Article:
Rosh Hashonah / Yom Kippur 2021
Event page: www.facebook.com/events/417524712896597
Register online here: https://formfaca.de/sm/dzsx6t7aC
Songs and Poetry for Rosh Hashonah here.
Songs and Poetry for Yom Kippur here.
Join the United Jewish People’s Order and the Morris Winchevsky School for our secular humanist celebrations of Rosh Hashonah and Yom Kippur.
We invite people from around the globe to join the United Jewish People’s Order and the Morris Winchevsky School for our online celebrations of the Jewish New Year. While we hope to be together in person soon, we remain vigilant in our concerns for safety.
Please join us for traditional shofar blowing, readings, poetry, and Yiddish, Hebrew and English music led by well-known Toronto musicians, David Wall and Marilyn Lerner — including the
Kol Nidre on Yom Kippur.
Rosh Hashonah: Tuesday, September 7, 2021 — 10:30-11:30 a.m. EDT
Yom Kippur: Wednesday, September 15, 2021 — 7:30-8:30 p.m. EDT
To welcome the year 5782 on Rosh Hashonah we will light candles for LandBack, Climate Justice, Abolition, Health Care & Global Solidarity and share our sources of hope and inspiration. Our ceremony will be filled with music and poetry as we reflect on our emergence from the pandemic and on the world we hope to build.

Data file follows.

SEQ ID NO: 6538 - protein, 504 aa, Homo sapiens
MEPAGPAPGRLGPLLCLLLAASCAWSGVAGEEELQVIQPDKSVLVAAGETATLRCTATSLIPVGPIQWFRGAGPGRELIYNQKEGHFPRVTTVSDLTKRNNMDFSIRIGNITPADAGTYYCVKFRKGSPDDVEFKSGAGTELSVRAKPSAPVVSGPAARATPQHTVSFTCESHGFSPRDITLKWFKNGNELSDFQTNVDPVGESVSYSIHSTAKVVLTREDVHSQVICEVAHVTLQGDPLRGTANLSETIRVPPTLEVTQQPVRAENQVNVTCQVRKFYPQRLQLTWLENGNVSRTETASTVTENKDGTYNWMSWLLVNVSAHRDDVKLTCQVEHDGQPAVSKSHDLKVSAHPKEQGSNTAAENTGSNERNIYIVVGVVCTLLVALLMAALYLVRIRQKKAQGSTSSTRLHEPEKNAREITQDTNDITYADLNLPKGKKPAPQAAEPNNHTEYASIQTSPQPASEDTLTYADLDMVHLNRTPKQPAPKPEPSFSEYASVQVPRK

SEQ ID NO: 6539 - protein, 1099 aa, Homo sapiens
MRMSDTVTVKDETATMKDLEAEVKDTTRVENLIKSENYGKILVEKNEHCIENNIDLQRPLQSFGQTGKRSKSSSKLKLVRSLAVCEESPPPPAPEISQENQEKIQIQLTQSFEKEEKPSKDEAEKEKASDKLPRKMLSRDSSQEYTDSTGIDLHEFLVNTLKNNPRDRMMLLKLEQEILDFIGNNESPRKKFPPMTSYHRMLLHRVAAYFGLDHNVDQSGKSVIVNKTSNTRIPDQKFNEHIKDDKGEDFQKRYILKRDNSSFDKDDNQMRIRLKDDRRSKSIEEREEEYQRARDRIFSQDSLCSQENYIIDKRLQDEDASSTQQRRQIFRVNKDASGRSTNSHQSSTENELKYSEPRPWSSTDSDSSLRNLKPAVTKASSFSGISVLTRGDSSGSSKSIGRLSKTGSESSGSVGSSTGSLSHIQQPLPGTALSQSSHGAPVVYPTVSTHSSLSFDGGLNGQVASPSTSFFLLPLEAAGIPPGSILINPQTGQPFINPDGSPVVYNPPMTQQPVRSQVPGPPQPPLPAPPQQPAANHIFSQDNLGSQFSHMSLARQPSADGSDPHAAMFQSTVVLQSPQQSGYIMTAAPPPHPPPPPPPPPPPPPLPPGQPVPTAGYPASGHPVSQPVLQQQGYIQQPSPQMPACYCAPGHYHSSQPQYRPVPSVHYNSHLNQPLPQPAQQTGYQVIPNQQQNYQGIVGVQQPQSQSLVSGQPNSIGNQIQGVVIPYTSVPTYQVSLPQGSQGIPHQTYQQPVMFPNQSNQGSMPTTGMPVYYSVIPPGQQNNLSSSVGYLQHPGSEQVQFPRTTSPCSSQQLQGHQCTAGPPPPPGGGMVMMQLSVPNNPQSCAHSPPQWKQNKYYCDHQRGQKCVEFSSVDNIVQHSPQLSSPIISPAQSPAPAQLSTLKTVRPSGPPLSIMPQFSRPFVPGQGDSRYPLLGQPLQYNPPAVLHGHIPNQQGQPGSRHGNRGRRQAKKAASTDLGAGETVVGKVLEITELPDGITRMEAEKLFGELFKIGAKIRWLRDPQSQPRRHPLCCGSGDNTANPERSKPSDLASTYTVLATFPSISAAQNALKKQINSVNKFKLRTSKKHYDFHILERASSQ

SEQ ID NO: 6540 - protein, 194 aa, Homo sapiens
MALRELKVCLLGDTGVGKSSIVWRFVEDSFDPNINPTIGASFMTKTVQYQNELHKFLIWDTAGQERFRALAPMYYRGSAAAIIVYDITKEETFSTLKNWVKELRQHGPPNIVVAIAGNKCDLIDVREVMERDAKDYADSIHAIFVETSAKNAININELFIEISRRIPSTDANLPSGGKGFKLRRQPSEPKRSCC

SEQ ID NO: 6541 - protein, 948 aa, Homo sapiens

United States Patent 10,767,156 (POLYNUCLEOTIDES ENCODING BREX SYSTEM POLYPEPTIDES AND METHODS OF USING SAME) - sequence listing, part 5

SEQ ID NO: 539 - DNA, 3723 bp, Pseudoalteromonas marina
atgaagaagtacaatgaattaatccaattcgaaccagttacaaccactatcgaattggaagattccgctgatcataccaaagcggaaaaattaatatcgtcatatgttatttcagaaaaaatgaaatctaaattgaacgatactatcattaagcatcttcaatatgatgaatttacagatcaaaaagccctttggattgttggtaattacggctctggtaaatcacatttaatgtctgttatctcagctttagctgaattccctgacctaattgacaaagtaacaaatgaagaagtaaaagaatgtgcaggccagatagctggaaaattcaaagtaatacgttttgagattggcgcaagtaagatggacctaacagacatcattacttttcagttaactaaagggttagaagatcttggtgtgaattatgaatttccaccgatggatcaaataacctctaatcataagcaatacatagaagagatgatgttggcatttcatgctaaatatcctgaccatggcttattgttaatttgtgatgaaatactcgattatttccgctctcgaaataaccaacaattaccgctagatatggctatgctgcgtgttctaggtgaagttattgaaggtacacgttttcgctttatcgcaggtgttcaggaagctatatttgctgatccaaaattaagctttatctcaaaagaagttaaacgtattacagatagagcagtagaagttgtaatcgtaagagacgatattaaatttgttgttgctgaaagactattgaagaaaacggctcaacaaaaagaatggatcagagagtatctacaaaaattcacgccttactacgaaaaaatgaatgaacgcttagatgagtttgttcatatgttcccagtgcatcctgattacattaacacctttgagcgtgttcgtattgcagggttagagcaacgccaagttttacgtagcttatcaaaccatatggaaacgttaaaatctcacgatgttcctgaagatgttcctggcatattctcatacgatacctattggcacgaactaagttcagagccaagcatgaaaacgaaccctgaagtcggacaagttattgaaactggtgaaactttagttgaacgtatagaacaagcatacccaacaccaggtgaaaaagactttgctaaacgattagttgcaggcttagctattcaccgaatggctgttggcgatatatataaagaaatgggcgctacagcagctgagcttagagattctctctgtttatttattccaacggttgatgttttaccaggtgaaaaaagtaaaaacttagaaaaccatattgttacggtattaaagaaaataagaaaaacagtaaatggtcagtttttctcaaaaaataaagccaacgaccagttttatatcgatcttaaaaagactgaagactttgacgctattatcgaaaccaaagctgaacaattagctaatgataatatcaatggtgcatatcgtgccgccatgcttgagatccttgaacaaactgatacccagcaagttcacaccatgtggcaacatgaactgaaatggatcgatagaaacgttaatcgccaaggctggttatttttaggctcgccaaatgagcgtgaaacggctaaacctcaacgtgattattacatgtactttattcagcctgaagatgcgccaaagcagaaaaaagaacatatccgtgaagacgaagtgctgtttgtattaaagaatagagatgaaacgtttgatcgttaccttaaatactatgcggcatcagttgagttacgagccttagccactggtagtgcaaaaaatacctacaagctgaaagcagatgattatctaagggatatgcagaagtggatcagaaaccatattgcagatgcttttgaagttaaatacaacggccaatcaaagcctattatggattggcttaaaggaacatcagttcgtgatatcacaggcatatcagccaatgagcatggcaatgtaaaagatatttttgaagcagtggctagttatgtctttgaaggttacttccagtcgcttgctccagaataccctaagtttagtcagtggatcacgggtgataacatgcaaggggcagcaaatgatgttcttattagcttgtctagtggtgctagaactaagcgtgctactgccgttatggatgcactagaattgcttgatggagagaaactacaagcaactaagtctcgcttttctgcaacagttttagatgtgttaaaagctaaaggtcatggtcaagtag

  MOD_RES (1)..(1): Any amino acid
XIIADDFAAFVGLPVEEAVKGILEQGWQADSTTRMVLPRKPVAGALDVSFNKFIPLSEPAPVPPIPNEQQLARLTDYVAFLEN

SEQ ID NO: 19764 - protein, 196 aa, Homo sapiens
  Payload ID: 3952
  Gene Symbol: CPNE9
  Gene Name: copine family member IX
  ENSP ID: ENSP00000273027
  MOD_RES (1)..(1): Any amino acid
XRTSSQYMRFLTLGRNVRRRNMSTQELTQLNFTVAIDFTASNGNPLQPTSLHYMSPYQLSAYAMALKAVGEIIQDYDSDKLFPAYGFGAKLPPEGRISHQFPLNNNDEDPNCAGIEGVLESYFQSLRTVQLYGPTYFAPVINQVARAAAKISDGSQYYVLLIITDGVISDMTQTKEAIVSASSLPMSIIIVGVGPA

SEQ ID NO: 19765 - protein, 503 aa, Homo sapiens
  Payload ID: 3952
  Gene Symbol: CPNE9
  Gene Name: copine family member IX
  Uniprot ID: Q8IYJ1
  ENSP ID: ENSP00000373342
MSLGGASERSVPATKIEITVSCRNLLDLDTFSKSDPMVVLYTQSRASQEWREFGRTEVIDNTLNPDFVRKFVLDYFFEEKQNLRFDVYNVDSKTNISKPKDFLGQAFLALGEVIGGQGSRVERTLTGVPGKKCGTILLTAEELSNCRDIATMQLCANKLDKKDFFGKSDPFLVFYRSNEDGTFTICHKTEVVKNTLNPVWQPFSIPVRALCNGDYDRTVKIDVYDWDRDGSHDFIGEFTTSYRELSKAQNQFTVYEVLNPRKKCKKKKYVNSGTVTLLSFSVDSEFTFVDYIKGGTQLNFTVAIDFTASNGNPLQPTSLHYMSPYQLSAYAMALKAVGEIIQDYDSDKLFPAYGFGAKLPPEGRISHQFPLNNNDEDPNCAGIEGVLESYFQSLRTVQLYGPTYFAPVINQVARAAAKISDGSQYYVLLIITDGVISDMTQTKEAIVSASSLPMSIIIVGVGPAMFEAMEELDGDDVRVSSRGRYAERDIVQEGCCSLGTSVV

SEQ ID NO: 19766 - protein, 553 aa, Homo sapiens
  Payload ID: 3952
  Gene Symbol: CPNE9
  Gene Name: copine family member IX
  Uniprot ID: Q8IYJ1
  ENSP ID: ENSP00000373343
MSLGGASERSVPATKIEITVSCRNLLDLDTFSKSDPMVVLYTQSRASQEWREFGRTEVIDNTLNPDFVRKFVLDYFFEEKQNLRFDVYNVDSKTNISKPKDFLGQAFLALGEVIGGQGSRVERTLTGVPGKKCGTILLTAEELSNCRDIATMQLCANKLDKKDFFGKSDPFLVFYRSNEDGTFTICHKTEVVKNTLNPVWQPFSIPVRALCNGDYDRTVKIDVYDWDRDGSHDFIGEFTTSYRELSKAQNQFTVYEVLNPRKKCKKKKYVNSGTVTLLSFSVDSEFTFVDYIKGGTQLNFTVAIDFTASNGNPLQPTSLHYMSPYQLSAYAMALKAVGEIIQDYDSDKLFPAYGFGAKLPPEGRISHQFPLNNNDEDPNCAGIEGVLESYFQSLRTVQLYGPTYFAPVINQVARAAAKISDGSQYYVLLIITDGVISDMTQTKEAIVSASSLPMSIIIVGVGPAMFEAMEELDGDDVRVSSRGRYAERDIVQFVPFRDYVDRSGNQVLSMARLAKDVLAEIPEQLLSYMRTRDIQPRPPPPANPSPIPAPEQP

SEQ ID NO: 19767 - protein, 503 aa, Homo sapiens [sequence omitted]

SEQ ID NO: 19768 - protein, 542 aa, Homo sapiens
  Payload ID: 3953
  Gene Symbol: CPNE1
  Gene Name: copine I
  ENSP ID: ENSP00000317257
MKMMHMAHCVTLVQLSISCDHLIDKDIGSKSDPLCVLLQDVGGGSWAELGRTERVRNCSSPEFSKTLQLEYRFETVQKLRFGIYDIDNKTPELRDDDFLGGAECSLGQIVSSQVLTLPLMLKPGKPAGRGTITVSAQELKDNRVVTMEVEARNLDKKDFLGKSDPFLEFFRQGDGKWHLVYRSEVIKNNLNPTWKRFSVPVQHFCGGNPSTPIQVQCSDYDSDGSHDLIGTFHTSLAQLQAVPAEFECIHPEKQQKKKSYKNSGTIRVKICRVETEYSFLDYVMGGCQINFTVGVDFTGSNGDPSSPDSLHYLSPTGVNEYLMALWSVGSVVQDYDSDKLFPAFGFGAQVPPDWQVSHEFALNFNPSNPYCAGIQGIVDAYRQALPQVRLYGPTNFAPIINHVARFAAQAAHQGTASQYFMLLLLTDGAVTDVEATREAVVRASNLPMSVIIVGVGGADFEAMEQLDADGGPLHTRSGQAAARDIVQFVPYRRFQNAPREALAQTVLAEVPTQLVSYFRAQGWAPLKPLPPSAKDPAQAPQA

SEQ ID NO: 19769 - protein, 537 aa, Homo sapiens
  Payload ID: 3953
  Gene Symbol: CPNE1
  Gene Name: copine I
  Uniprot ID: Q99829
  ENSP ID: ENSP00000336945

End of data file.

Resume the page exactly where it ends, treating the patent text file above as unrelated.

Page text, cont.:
Yom Kippur is a time of reflection and a time to remember and honour the dead. Together
we will grieve and honour those who have died from the pandemic, the Indigenous children
lost to the Residential School system, the children who are the recent victims of the protracted and painful struggle in Israel-Palestine and the Muslim family recently killed in London,
Ontario. Finally, we will celebrate the resilience of movements for justice and the importance
of community and mutual aid.
Last year Arundhati Roy saw the pandemic as a portal. One year later, Roy writes: “We’re still
moving through that portal. We haven’t transitioned. We still don’t know what the fallout of this havoc will be...The pandemic has also been like an X-ray showing up the horrific, systemic, institutionalised fault-lines of our egregiously unjust world. I do believe that there is still hope, because the suffering that Covid-19 has brought with it, physical as well as psychic, will make human beings reassess their lives and values, their wants, their desires. I can’t say the same about governments or Big Tech or banks. But if human societies, thus far brainwashed and driven by consumerism, suddenly stop in their tracks and think, it could drive real change.”